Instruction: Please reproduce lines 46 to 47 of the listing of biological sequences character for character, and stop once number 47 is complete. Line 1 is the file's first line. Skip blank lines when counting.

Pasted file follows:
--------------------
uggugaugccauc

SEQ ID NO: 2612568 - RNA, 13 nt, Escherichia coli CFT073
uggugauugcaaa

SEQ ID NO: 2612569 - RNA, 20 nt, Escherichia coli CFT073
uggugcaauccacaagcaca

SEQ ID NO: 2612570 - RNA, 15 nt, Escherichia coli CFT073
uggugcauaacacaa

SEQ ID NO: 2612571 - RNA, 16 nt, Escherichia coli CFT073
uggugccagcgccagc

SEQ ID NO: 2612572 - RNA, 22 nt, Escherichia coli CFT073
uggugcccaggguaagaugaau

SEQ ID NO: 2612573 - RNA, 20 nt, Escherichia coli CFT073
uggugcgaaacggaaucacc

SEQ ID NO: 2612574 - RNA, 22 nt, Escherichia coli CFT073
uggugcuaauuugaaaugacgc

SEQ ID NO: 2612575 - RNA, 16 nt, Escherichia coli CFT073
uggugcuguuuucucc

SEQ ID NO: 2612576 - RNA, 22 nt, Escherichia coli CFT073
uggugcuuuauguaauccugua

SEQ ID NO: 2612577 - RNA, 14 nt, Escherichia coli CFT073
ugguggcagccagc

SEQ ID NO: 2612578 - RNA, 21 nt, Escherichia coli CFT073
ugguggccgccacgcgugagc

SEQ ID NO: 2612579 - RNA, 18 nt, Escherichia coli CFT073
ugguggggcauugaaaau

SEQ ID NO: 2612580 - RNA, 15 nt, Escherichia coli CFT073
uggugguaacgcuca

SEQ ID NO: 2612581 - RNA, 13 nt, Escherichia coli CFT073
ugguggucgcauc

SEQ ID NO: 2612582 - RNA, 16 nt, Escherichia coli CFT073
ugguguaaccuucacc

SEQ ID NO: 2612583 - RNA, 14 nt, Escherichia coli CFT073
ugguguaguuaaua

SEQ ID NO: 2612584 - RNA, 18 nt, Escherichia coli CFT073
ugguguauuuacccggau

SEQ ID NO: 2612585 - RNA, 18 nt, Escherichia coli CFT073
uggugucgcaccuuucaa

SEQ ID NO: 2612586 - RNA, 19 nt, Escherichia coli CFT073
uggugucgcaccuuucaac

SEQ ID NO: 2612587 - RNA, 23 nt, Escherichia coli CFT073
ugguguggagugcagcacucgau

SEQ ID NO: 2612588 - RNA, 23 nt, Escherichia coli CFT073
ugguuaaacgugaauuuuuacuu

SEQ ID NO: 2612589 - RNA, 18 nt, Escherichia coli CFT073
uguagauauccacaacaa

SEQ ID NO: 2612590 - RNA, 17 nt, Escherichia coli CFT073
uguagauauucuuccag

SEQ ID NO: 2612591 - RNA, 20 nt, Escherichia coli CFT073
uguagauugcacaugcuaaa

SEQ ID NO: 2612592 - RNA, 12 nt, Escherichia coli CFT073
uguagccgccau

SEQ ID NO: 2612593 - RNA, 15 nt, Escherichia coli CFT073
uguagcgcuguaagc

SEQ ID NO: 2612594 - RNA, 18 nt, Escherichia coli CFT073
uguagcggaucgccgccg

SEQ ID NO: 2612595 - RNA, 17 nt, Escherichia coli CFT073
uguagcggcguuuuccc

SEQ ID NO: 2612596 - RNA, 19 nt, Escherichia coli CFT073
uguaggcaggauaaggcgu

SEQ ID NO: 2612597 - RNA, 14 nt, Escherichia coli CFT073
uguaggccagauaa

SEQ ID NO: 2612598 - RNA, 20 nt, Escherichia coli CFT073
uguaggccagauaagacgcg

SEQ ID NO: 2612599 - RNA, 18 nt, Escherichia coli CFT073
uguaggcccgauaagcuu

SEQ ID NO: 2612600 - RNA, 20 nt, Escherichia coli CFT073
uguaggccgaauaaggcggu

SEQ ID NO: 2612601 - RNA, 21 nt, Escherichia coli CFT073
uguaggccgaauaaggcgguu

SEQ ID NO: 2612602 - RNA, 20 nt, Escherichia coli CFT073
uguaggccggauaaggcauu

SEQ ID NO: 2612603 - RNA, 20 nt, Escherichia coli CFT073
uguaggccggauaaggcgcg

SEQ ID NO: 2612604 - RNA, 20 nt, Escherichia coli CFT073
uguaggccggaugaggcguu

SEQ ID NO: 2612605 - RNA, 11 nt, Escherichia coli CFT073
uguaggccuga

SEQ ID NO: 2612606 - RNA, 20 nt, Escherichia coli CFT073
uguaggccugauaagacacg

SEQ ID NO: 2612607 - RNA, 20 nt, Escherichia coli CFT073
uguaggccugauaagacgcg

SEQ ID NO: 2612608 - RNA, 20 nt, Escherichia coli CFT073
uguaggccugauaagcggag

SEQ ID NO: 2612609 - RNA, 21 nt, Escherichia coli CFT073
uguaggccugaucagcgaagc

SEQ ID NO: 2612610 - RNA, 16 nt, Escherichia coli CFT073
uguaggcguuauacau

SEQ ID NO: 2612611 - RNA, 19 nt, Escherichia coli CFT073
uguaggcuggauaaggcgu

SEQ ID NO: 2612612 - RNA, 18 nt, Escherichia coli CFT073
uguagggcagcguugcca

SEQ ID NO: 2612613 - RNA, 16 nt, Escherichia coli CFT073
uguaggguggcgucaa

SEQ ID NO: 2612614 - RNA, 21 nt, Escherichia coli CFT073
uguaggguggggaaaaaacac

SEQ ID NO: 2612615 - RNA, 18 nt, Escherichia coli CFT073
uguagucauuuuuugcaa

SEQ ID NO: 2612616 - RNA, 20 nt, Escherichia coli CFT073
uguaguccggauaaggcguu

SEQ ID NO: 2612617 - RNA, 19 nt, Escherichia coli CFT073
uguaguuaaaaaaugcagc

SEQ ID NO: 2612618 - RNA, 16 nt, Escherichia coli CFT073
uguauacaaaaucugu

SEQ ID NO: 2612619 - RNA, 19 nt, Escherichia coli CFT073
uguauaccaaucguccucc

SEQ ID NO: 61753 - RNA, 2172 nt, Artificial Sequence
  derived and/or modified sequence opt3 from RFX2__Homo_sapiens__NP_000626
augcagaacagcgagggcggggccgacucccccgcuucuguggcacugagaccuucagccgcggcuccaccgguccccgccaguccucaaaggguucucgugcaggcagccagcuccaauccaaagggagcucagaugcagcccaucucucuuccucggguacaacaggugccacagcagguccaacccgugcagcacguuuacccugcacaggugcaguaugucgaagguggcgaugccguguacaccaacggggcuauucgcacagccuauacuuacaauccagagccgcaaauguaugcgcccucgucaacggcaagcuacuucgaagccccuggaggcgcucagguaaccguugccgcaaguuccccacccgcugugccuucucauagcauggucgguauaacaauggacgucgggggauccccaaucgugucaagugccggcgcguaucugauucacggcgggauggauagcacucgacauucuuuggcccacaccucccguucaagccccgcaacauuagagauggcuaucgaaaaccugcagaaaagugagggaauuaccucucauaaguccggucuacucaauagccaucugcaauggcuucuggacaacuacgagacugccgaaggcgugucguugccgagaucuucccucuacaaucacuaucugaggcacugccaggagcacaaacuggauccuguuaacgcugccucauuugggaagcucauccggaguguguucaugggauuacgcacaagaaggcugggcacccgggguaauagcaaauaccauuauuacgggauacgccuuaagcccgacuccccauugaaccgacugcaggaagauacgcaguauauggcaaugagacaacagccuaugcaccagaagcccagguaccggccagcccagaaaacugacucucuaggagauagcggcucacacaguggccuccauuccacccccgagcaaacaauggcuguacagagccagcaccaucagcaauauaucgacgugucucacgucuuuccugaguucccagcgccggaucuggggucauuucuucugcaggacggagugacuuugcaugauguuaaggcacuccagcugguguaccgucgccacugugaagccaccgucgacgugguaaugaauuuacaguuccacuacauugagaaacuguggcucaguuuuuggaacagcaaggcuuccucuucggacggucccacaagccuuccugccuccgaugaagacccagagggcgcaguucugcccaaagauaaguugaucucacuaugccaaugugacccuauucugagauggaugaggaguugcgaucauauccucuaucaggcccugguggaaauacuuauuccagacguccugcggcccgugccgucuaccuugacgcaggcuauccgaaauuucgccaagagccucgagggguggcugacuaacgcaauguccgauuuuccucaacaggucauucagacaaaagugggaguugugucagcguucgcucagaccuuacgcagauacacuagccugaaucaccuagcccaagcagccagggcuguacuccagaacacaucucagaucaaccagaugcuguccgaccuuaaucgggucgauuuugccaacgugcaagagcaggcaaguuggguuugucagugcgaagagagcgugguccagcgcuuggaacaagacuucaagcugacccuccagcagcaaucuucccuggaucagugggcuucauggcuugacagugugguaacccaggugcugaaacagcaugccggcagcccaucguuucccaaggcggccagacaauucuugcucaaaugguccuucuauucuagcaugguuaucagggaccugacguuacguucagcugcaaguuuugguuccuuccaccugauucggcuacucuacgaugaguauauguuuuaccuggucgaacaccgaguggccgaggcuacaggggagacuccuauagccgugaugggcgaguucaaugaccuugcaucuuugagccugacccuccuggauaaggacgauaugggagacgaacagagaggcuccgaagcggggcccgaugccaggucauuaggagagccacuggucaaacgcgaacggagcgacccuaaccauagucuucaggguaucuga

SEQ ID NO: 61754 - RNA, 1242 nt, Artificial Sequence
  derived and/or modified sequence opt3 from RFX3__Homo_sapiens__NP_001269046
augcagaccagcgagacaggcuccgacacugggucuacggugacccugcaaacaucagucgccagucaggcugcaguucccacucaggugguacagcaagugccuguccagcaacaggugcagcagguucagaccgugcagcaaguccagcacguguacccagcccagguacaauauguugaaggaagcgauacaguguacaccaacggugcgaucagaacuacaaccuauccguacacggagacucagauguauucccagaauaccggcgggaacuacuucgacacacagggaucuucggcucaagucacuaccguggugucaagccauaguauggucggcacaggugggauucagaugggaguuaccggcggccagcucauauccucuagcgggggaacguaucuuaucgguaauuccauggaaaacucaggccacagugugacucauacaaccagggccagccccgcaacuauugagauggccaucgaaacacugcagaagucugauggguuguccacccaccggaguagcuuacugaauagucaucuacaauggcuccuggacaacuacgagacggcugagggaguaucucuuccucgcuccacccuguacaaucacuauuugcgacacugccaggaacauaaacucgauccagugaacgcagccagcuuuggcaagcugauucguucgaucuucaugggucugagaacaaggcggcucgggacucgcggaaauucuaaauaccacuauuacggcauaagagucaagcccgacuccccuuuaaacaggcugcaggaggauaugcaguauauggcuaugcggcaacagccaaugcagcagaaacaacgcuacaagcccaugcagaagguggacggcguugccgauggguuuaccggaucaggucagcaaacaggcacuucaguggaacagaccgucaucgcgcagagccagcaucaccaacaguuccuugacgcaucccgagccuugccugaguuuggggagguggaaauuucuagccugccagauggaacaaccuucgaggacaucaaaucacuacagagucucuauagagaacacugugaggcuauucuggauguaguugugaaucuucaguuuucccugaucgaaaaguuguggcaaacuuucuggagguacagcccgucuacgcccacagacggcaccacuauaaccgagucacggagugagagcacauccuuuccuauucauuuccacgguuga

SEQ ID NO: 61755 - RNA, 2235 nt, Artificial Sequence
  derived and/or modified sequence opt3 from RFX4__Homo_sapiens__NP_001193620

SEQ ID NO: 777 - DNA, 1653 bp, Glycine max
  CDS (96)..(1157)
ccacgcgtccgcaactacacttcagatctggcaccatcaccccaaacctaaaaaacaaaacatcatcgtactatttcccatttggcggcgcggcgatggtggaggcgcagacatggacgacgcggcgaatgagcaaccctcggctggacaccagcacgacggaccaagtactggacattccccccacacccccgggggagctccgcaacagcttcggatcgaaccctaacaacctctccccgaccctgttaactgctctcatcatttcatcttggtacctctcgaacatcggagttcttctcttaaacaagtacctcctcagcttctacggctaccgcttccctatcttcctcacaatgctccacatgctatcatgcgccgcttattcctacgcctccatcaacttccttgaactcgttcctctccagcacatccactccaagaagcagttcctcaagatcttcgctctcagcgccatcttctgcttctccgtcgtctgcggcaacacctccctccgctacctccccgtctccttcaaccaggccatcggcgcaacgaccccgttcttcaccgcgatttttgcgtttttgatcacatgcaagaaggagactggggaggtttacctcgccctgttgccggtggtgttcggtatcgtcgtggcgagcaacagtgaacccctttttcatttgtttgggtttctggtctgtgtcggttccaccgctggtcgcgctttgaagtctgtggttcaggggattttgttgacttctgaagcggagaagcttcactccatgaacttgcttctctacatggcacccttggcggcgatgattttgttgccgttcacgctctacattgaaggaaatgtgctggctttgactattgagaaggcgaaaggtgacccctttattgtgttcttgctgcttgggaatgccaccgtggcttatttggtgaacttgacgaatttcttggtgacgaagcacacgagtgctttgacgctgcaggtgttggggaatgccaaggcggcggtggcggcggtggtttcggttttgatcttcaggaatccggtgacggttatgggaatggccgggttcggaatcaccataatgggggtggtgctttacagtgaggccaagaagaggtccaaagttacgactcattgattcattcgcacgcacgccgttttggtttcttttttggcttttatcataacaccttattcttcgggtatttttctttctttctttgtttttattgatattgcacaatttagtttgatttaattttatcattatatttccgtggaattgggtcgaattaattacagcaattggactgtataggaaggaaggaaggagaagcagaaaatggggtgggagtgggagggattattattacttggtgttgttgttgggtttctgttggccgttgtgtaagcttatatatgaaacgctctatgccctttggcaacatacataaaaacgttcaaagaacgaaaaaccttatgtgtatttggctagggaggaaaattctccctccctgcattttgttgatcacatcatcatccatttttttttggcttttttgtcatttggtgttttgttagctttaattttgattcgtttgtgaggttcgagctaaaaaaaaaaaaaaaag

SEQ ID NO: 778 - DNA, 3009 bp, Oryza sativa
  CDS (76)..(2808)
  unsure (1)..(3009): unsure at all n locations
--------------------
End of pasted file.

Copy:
SEQ ID NO: 2612590 - RNA, 17 nt, Escherichia coli CFT073
uguagauauucuuccag